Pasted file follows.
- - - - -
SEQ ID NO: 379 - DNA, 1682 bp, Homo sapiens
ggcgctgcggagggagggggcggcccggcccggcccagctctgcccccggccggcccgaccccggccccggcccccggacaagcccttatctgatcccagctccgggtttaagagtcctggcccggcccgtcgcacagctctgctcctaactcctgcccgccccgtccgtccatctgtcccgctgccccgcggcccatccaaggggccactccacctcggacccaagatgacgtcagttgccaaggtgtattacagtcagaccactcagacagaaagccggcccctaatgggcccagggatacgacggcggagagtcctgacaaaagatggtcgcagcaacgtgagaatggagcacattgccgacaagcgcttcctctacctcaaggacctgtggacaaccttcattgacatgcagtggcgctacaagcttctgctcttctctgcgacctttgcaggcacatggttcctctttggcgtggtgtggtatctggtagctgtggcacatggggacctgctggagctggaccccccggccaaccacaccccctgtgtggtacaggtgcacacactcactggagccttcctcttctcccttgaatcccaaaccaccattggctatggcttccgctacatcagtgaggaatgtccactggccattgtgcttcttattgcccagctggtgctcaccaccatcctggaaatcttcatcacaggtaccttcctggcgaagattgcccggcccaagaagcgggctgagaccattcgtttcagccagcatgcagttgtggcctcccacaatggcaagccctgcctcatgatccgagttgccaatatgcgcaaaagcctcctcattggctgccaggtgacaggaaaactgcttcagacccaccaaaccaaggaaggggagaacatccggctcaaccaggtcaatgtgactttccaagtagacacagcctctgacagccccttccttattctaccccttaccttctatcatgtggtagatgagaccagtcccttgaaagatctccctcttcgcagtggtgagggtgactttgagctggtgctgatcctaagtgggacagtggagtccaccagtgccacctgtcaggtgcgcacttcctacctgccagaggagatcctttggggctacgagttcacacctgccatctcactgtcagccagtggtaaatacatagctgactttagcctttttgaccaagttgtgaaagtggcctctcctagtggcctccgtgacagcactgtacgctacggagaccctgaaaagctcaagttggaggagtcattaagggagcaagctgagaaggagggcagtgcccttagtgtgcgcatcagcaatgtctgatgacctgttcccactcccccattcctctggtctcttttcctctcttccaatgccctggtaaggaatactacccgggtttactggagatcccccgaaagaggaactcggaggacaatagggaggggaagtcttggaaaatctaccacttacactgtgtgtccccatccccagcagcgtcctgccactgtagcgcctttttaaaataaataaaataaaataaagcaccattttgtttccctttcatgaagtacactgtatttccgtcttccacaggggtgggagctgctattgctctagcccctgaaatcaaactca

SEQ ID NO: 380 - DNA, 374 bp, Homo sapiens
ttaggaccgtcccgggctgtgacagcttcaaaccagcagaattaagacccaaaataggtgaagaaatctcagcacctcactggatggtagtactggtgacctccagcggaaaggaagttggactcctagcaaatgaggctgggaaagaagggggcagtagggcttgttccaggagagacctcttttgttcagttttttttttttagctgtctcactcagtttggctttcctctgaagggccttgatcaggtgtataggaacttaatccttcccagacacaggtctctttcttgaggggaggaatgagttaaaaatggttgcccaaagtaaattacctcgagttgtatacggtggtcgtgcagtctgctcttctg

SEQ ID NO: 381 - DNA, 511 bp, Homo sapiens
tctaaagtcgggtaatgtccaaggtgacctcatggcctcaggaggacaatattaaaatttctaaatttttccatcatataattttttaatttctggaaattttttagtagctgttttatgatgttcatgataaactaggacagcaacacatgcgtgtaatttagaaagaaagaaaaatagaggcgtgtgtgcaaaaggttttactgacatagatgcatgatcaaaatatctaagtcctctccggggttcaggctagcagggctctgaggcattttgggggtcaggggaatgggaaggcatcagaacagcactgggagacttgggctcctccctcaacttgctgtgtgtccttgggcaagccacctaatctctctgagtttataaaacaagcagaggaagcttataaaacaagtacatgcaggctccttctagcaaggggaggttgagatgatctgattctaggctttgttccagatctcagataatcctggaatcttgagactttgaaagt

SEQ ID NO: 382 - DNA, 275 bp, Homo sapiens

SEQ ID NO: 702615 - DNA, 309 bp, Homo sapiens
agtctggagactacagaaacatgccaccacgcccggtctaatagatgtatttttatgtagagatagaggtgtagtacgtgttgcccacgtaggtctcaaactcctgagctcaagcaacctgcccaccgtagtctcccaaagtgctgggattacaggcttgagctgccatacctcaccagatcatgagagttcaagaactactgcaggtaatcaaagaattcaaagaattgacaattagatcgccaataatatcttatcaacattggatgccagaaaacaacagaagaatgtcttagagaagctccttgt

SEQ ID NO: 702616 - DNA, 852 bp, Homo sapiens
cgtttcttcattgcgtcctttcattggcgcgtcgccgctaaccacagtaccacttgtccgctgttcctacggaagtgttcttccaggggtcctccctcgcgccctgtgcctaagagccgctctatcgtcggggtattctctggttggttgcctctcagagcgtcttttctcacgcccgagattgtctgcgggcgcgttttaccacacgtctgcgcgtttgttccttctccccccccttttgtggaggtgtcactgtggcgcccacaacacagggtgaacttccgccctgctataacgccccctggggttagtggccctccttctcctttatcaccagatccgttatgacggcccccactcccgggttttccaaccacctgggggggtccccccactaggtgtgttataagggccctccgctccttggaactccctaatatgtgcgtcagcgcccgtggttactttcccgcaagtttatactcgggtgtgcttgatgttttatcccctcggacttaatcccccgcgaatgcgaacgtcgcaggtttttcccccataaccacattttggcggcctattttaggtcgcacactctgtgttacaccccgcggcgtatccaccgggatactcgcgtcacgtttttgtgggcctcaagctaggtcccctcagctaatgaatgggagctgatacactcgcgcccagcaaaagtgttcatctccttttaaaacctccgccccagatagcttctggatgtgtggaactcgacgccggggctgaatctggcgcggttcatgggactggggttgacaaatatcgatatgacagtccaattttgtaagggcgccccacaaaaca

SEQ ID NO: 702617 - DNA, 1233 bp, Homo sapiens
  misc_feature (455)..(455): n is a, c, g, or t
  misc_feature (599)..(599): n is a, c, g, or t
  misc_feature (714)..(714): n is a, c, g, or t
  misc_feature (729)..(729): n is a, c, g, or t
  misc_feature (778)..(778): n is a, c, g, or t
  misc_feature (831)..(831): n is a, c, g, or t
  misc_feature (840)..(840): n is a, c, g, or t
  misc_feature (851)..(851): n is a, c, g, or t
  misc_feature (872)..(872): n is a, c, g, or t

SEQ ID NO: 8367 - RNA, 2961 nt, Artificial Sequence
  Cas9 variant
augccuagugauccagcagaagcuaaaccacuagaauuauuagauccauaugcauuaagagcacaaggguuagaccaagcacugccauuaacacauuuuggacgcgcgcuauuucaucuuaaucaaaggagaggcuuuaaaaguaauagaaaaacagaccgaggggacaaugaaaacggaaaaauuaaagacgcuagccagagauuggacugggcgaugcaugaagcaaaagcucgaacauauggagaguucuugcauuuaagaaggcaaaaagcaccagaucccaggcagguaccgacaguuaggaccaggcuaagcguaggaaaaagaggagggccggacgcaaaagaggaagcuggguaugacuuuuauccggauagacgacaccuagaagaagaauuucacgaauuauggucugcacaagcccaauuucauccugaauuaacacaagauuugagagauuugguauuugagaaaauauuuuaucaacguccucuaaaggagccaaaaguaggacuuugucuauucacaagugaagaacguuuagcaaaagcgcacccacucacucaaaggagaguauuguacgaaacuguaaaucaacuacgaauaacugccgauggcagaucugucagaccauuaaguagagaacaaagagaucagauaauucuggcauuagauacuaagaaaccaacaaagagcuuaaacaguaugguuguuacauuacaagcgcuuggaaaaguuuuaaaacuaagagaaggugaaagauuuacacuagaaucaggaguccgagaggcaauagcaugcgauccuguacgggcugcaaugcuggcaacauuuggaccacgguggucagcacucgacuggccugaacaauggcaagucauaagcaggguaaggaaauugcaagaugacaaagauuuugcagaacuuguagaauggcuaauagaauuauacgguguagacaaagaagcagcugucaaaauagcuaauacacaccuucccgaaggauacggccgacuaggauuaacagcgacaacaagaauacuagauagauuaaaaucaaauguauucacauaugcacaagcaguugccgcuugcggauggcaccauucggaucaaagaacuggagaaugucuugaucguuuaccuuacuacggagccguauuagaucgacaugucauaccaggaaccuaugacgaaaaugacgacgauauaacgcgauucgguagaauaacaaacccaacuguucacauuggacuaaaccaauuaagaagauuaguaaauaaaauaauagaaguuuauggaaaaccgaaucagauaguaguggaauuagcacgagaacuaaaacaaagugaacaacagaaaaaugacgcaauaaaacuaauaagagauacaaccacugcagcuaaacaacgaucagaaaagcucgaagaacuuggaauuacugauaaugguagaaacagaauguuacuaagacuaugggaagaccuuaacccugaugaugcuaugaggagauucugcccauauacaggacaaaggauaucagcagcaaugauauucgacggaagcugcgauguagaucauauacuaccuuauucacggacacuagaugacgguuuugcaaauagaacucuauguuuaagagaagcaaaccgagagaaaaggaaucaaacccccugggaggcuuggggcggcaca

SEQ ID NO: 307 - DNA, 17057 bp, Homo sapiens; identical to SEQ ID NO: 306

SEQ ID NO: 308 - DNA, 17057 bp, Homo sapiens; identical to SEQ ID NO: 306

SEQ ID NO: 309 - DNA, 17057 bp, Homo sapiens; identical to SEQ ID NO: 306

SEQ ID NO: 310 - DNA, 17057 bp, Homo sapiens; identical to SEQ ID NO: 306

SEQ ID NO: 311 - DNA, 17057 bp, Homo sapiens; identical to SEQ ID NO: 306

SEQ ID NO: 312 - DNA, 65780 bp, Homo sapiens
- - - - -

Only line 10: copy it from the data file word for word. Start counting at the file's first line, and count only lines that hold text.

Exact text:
SEQ ID NO: 702616 - DNA, 852 bp, Homo sapiens